As online learning increasingly becomes part of the higher-ed experience, it is imperative that the methods and technologies used to deliver and monitor online learning maintain high levels of integrity, fairness and usability. When it comes to online assessments and proctoring, there are multiple models—AI-only monitoring (fully automated), human-only monitoring or a combination of both: hybrid proctoring.
Each model offers a slightly different approach, and each has benefits. AI and machine learning tools utilize technology to improve monitoring efficiency, provide better exam insights, and strengthen approaches to online teaching and learning. Human oversight allows for decisions to be made using an individual’s knowledge, logic, and reasoning, making students feel more confident that they are not being assessed solely by a machine.
But the most effective online proctoring model blends these benefits by combining AI, machine learning, and human intervention to detect unexpected behaviors, ensure fairness, and uphold integrity. The convenience that AI and machine learning provide, combined with a human’s ability to make decisions based on complex and unforeseeable situations, improves the entire testing experience for both students and instructors.
Here are three ways that a hybrid proctoring model—where AI and human oversight are used in tandem—creates the ideal testing experience for both instructors and students.
1. A Less Invasive Experience for Students
With fewer distractions during exams, students are able to focus on showing what they have learned. However, proctoring AI tools that are overly sensitive can trigger flags and create unnecessary interruptions.
Most proctoring AI can detect sound, but some platforms have AI with smart voice detection. While these terms are often used interchangeably, how they impact the test experience is very different.
For example, sound detection can trigger a flag for practically any sound, such as a cough or a doorbell. Whereas smart voice detection triggers for specific keywords or phrases, such as “Hey Siri” or “OK Google.”
While having AI in place to monitor and flag actions, some situations can be tricky. For example, a student may be talking to themselves to work out a question and may say, “Okay, Google was founded in 1998.”
In situations similar to this, human proctoring combined with AI can prevent unnecessary interruptions. The human proctor is able to review the footage and see that the student was not trying to cheat, eliminating the need to intervene and disrupt the student.
2. AI Becomes Smarter With Human Feedback
Human proctor feedback, potential suspicious behavior, potential violations, and instructor input can be collected by the proctoring platform and reported to the AI. This collection of data helps the AI learn, adapt, and refine to provide students, instructors, and educational institutions with better testing experience insights.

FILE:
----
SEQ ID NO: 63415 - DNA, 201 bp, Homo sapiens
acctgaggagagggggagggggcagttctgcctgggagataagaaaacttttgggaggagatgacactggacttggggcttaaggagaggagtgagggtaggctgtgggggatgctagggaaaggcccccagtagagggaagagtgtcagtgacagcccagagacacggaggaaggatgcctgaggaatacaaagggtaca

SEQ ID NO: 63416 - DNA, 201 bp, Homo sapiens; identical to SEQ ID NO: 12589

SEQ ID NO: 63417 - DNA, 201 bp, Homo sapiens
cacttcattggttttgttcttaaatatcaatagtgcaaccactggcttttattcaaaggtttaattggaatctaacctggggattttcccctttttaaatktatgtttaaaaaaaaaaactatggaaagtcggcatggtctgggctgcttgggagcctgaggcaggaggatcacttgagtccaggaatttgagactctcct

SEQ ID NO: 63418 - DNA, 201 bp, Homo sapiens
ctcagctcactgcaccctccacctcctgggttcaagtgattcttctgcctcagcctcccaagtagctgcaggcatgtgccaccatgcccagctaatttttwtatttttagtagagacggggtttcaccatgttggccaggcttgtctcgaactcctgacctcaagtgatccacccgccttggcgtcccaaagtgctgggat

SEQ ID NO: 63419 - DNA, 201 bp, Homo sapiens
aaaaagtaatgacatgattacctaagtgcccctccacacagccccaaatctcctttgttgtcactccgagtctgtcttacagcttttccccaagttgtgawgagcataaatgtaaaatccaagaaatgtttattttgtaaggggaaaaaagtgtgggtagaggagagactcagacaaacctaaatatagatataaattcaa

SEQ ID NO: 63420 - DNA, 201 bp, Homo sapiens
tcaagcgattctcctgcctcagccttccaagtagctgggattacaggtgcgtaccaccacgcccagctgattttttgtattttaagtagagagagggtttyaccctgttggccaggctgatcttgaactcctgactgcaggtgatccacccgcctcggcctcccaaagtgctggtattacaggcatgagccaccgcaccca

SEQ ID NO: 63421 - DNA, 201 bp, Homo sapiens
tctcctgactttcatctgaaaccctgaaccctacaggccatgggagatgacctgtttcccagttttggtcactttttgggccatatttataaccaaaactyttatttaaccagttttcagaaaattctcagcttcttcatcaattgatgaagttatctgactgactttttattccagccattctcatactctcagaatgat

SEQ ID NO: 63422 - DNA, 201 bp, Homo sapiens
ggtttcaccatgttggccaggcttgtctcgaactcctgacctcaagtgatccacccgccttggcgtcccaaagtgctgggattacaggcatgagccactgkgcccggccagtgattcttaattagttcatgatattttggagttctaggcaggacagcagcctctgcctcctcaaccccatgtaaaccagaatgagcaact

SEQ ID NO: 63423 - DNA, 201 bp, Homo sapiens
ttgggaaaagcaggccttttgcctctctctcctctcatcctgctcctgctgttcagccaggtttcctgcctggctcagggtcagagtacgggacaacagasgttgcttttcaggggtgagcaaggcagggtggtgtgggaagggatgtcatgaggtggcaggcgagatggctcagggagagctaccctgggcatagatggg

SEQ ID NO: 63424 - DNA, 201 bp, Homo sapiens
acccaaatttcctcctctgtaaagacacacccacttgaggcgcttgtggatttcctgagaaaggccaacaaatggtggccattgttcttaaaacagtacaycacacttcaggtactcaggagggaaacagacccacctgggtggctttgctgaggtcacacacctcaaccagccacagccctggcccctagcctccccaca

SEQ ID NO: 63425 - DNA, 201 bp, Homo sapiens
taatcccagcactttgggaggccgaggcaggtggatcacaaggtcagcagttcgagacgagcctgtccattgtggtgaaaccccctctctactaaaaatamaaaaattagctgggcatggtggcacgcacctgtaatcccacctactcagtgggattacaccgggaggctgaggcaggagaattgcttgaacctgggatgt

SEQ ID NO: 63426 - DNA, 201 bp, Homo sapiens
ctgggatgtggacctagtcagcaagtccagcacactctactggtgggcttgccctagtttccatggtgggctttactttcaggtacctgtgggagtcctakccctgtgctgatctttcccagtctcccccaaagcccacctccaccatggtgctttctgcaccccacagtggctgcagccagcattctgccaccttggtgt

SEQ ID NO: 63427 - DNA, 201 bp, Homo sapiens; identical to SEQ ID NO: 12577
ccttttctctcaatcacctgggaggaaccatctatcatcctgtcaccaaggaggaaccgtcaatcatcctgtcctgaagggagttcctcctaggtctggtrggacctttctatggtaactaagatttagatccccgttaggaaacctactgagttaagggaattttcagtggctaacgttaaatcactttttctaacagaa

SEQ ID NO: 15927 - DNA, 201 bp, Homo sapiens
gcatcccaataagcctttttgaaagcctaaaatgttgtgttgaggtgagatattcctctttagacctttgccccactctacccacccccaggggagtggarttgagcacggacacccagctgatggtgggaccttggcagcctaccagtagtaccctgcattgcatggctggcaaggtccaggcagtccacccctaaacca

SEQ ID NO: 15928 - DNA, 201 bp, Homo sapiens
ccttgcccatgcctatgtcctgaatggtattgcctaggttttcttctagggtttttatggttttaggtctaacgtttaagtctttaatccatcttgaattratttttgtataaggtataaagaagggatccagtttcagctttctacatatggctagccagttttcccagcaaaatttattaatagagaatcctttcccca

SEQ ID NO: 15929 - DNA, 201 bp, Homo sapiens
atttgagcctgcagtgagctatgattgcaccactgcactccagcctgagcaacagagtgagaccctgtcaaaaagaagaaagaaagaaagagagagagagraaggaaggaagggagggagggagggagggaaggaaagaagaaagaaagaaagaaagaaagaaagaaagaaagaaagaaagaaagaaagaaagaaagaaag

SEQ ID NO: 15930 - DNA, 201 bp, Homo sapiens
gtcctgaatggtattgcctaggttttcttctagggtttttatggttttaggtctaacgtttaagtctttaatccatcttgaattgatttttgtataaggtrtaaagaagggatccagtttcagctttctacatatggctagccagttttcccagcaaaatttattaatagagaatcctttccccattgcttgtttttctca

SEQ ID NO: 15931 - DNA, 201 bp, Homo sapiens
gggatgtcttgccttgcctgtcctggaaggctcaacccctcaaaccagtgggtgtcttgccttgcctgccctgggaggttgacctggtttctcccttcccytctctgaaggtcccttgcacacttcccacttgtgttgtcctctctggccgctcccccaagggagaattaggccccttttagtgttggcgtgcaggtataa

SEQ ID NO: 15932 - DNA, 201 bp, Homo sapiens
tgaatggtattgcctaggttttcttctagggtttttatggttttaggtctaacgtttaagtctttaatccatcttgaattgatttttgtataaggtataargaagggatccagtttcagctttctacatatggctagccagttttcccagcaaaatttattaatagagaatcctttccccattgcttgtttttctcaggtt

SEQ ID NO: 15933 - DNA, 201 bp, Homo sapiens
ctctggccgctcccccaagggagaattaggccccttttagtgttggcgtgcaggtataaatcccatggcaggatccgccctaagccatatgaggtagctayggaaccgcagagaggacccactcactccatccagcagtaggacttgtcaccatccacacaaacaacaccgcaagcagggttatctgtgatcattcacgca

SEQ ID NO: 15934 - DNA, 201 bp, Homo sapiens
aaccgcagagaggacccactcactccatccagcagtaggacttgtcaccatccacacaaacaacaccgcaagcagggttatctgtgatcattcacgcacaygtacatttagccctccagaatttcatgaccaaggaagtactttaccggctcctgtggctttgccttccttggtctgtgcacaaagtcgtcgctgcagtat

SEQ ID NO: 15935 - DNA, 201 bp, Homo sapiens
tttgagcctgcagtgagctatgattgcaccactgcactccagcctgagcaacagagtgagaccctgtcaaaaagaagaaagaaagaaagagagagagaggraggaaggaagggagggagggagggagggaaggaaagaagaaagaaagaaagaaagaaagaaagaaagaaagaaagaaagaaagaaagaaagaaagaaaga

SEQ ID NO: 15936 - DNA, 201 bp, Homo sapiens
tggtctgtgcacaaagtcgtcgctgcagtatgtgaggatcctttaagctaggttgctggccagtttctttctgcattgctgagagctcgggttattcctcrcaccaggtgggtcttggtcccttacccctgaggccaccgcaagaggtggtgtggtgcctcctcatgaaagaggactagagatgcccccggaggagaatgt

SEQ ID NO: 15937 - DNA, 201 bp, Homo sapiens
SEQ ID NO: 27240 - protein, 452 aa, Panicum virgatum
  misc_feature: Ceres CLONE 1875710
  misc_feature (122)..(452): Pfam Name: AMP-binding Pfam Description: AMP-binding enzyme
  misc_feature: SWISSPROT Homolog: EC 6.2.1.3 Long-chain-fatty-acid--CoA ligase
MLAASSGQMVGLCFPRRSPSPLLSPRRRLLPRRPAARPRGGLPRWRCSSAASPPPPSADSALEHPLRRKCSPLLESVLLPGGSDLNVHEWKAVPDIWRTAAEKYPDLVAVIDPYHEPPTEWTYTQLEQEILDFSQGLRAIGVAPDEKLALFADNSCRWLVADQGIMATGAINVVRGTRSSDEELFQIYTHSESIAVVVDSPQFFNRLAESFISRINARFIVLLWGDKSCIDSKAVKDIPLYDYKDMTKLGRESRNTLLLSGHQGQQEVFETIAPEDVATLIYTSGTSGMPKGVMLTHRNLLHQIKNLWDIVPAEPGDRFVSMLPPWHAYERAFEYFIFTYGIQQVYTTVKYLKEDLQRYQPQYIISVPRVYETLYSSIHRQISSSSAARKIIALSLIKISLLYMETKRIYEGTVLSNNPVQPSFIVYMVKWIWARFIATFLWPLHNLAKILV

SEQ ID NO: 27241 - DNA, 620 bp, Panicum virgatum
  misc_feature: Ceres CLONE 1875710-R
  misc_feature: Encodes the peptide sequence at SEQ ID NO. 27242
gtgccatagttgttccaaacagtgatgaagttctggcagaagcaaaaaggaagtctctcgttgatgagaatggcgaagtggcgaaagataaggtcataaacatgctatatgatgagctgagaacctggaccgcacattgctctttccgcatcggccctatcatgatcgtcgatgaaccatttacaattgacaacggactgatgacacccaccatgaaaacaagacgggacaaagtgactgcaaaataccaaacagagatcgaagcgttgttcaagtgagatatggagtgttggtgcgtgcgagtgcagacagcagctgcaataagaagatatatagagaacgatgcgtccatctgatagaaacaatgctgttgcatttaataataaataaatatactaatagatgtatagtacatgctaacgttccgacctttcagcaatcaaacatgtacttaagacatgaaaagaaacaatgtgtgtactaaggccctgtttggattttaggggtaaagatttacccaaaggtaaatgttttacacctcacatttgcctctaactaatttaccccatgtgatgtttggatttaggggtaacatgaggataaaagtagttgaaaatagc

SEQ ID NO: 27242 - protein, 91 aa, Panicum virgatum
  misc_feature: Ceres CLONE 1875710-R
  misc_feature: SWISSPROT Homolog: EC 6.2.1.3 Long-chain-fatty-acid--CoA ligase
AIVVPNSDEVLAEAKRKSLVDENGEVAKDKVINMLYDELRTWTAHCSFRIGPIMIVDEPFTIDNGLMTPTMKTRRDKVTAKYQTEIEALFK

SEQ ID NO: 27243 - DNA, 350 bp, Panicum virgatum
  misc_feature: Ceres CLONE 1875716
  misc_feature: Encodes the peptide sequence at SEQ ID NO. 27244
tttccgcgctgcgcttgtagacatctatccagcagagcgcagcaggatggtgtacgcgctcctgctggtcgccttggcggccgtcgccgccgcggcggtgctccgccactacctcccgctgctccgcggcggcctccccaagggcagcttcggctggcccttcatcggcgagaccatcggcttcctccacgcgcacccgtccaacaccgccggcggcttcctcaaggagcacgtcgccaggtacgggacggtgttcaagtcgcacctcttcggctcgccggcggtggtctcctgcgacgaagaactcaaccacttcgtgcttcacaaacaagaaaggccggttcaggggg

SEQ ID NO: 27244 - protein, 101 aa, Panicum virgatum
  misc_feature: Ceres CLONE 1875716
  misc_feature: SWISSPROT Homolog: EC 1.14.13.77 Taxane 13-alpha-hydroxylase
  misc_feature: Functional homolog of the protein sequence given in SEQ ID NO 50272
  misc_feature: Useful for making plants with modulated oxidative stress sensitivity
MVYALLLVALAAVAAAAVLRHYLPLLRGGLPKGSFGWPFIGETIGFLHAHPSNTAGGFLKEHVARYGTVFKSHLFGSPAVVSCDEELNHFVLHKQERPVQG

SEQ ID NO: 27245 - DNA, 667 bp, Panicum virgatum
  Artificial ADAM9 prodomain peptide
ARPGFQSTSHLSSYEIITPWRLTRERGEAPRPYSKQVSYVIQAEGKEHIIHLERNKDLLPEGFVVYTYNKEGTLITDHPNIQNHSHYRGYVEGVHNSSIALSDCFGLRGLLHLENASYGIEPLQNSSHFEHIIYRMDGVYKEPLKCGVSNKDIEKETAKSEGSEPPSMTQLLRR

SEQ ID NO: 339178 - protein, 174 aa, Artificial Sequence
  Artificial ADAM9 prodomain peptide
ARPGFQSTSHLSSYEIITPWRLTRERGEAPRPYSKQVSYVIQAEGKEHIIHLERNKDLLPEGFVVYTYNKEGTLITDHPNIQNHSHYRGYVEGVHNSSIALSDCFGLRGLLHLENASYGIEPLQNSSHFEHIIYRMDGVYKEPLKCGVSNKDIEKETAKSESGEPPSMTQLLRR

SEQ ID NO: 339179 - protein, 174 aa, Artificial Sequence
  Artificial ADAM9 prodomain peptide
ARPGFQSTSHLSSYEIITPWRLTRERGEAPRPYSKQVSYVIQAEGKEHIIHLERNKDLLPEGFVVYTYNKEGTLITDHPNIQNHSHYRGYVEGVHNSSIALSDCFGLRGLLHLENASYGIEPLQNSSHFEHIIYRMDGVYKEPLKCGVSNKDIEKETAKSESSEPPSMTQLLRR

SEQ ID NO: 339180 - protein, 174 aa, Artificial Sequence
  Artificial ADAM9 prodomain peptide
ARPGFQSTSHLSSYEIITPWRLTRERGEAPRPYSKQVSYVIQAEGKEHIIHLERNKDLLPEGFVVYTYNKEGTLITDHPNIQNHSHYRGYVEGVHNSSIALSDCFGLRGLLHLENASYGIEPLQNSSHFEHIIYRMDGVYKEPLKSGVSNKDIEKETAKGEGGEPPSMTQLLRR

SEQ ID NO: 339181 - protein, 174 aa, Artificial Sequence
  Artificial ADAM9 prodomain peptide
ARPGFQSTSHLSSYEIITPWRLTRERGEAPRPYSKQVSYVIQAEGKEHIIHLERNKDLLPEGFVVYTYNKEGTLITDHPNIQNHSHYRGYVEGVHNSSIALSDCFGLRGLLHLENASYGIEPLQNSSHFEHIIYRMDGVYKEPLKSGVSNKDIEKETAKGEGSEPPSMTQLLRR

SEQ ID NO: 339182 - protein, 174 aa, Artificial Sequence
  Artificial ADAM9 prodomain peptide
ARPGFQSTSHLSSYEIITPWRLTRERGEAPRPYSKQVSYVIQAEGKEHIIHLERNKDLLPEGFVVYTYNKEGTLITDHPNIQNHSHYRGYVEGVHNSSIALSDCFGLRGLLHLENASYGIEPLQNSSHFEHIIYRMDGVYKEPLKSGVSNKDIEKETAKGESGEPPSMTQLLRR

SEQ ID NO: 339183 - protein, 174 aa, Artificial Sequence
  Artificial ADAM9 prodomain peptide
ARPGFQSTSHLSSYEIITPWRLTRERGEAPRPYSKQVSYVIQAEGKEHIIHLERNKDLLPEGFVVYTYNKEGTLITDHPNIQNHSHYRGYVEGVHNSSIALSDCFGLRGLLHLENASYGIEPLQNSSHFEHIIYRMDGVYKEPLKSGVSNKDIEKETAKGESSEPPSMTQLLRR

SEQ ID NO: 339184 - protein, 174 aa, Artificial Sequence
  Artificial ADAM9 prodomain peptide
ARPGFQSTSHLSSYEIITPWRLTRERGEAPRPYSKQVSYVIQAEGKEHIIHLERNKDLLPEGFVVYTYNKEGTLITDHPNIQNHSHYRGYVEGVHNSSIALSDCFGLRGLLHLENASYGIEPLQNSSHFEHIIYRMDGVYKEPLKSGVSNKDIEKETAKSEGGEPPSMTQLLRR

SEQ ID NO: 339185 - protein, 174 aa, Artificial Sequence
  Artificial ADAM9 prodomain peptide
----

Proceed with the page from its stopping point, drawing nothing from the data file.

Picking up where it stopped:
The feedback loop varies from institution to institution. This loop helps customize the proctoring platform based on institution and instructor preferences and policies. Additionally, this feedback loop allows AI to make better correlations between behaviors that may indicate true academic dishonesty and those that are false flags.
This also helps the AI to learn so that it can adjust to reduce the number of false or unimportant flags due to oversensitivity allowing proctors and instructors to focus on important situations related to academic dishonesty and streamlines the review.
Combining the benefits of AI with the benefits of a human proctor into a hybrid proctoring approach creates a fair and equitable learning experience for students.
3. Supports a Variety of Non-traditional Exam Formats
AI is a great resource for most traditional testing situations, but what if instructors want to test through a demonstration? Or an open book exam? In these cases, combining AI with human input is crucial for protecting academic integrity, minimizing unnecessary flags, and improving the student online testing experience.
In a non-traditional test format, certain situations may be allowed that are not typically allowed during a traditional test. In these situations, the AI needs to be told to not flag activities that may typically be seen as cheating, such as two people in the room, unexpected voices or movements, restricted browsers, and leaked test questions.
Instructors can adjust test settings and decide which proctoring features to use (or not use) before issuing a non-traditional exam. They can also give the proctor instructions to further customize what is allowed during the exam and to provide accommodations for specific students.
For example, a non-traditional exam may ask students to complete a math problem using pen and paper. The instructor would ask the proctor to turn on ‘Scratch Paper Allowed’ so students won’t be flagged for looking down at papers. Instructors can require students to use a sheet of blank white paper, a black or blue pen, and to show the paper before and after they complete the problem. This ensures that students can complete the exam without interruption and cuts down on the need for human proctors to review flags.
AI is a powerful tool that can provide an abundance of benefits for the online learning experience. However, it isn’t always perfect and shouldn’t be used alone. AI needs to be combined with the efforts of human proctors and instructors to effectively detect and prevent cheating, ensure academic fairness, and uphold integrity.
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